Shelf life of .22LR ??


September 28, 2008, 04:10 PM
A friend of mine whom I generally defer to on gun related stuff, told me that CCI .22 ammo has a better shelf life than lots of other .22,which supposedly doesn't hold up to long term storage well. Can anyone substantiate or refute this ? Thanks.....M.

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September 28, 2008, 04:17 PM
Never heard of it.

I'm still shooting .22 WRF ammo made in the 1950's.

.22 Winchester .22 LR Match ammo made in the late 60's early 70's.

If it's stored properly, it should last indefinitely.

In general though, CCI ammo is pretty well made stuff.
But I doubt it will last any longer then the top-shelf ammo of similar price from any of the other makers.

Can't speak for the bulk-pack WallyWorld ammo, because I won't buy it anymore.
It is gone bad to start with! :eek:


September 28, 2008, 04:18 PM
I've heard that .22LR doesn't have a lengthy shelf life. However, I've fired .22LR ammo that was decades old without any problems.

I'm not sure how this likely to be all that important. If you buy .22LR ammo in quantity you should shoot your oldest stock first and presumably your oldest stock will never get to be too old.

Steve H
September 28, 2008, 04:19 PM
I'm with RC on this one. I also have stuff from the 50's that I still shoot

September 28, 2008, 04:22 PM

I too believe that this is a non-issue.


September 28, 2008, 04:22 PM
I've shot Winchester that I found buried under hay in the grainery. I couldn't tell you how old it was but the box was barely legible and the cases were corroded. They all went bang.

September 28, 2008, 05:08 PM
If you guys are shooting 22's from the 50's, I just gotta ask how much of it did you buy?

I can't keep 22's around for longer than 6 months.

September 28, 2008, 05:16 PM
I just gotta ask how much of it did you buy?I acquired an 1890 Winchester .22 WRF pump about 10 years ago, and started buying all the old .22 WRF ammo I came across at gun-shows.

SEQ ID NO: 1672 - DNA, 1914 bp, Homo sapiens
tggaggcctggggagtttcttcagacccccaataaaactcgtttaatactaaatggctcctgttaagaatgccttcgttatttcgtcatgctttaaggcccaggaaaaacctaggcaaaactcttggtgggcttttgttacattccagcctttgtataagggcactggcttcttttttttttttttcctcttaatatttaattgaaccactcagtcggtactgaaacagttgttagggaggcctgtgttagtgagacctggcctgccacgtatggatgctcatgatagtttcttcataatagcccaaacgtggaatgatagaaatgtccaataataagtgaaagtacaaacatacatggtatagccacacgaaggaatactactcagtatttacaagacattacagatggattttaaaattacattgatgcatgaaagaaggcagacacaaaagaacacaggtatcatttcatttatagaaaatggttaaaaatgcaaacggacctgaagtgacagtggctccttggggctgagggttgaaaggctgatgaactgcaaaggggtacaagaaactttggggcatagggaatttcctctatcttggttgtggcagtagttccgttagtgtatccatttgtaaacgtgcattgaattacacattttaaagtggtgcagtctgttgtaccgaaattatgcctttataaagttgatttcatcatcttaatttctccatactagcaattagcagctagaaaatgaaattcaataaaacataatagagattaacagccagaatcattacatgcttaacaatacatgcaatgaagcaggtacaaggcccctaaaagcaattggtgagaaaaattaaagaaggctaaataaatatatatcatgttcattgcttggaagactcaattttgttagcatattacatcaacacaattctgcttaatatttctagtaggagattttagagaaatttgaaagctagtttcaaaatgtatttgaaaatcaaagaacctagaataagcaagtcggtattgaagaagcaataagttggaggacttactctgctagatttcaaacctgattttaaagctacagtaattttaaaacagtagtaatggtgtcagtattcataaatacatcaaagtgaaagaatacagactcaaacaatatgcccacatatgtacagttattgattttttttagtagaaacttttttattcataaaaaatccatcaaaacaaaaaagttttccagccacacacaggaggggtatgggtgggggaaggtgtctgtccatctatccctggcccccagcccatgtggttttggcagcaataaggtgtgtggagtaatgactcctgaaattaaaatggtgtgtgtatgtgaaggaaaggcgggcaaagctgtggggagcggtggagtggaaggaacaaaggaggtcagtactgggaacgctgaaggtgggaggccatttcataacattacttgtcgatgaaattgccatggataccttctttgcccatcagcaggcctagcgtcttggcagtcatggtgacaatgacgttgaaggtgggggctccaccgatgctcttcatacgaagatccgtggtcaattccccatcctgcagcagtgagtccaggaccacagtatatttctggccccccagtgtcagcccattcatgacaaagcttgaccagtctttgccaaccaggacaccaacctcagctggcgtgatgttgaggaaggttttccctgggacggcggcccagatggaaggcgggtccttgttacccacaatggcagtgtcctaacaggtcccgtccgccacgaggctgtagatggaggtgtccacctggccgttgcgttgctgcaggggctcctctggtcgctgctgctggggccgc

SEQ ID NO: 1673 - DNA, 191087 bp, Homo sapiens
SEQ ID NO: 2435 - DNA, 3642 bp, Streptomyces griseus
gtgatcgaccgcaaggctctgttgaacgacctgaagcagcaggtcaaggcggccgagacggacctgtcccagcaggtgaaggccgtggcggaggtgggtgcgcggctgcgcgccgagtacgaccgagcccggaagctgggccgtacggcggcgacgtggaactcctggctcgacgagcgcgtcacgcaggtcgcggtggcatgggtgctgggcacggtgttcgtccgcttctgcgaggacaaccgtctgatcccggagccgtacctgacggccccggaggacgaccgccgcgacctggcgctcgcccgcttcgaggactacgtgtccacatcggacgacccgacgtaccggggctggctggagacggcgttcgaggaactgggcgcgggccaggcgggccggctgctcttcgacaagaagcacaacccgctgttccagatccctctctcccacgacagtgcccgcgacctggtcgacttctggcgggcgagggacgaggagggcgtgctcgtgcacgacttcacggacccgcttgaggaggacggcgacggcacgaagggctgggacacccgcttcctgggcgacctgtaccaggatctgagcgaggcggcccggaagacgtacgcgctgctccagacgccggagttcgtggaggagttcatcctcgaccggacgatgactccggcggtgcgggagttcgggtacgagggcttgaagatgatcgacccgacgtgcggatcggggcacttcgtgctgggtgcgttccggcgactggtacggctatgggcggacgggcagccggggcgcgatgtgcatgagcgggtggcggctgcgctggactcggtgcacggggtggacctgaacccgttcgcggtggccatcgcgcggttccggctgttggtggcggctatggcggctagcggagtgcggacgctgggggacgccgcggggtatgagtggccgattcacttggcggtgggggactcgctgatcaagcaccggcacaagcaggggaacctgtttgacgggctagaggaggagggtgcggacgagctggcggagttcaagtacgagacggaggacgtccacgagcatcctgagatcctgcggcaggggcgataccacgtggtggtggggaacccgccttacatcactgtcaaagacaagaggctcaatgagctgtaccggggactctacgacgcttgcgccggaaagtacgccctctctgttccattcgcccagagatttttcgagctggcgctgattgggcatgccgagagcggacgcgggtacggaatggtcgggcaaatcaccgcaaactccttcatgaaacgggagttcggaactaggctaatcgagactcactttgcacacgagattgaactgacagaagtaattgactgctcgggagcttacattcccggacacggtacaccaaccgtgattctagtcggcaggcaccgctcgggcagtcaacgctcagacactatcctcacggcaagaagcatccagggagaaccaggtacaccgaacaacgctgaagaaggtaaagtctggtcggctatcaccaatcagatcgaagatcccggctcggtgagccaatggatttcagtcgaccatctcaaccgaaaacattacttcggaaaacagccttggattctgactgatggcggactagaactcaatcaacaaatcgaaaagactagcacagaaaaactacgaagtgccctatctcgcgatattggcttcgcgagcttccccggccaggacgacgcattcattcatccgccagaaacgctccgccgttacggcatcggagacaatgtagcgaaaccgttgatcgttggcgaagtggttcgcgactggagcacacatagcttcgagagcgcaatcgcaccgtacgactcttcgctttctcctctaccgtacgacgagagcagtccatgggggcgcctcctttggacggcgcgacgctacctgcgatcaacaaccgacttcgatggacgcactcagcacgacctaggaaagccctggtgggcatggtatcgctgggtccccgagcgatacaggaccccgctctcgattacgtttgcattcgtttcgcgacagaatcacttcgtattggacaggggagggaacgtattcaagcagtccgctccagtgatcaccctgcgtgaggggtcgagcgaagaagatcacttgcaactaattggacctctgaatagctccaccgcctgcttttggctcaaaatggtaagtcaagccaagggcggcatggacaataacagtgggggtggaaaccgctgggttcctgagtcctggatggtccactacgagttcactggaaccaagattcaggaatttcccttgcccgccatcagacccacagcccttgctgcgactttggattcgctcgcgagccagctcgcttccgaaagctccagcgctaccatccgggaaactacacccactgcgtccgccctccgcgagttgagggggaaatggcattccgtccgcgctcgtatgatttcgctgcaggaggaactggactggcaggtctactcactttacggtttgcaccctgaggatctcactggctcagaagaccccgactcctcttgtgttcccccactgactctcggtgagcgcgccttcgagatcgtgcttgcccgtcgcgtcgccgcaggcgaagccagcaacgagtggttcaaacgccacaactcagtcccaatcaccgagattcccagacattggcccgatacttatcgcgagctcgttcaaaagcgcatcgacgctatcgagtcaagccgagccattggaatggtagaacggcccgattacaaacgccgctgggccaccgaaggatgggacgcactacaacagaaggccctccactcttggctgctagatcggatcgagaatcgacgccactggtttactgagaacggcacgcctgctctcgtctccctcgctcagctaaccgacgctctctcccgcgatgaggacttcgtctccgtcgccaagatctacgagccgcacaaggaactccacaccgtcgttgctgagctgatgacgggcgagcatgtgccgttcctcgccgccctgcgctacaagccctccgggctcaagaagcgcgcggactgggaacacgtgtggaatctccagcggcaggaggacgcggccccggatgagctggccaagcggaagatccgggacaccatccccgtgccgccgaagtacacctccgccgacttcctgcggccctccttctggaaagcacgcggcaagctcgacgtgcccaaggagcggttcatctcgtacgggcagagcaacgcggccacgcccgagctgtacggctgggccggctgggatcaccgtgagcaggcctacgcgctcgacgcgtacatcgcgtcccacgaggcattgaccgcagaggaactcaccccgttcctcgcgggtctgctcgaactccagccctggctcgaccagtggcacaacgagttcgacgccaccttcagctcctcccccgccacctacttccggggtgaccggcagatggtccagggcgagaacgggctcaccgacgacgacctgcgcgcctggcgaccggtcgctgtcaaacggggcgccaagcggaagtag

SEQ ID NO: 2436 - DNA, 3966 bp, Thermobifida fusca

Now both Winchester & CCI have made new runs of .22 WRF ammo, but it is Lawyered down to about the same level as .22 LR Standard velocity performance.

The old stuff seems closer to .22 Mag.

I use the old good stuff for hunting, and shoot the new weak stuff for killing beer cans & hedge balls.

Beer cans & hedge balls can't tell the difference!

The old standard velocity .22 Match ammo is reserved for my three pre-war Colt Woodsman.


September 28, 2008, 05:18 PM
I have shot ammo from as far back as the early 1900s. I have shot .22s that were 40-50 years old.

In my experience ammo shelf life is pretty darn long no matter what and damn near forever if stored indoors in your average climate controlled home.

B.D. Turner
September 28, 2008, 05:20 PM
I bought bunches of .22's on a yard sale just for the boxes. Most all of it was from the 40's and 50's. So far it all shoots just fine.

September 28, 2008, 06:57 PM
dont know of any , box doesnt have one , No seriously ammo is as good sa you store it . it will last at least fifty years or more . i was shooting some ammo from the 50's that was it storage tins and it shot perfectly with no misfires :neener:

September 28, 2008, 07:04 PM
My only concern would be the "corrosion" on said lead or brass. I did have the opportunity to shoot some .38's that had "corrosion" on them and they all shot fine.

As long as they weren't stored underwater.......shoot them up!

September 28, 2008, 07:04 PM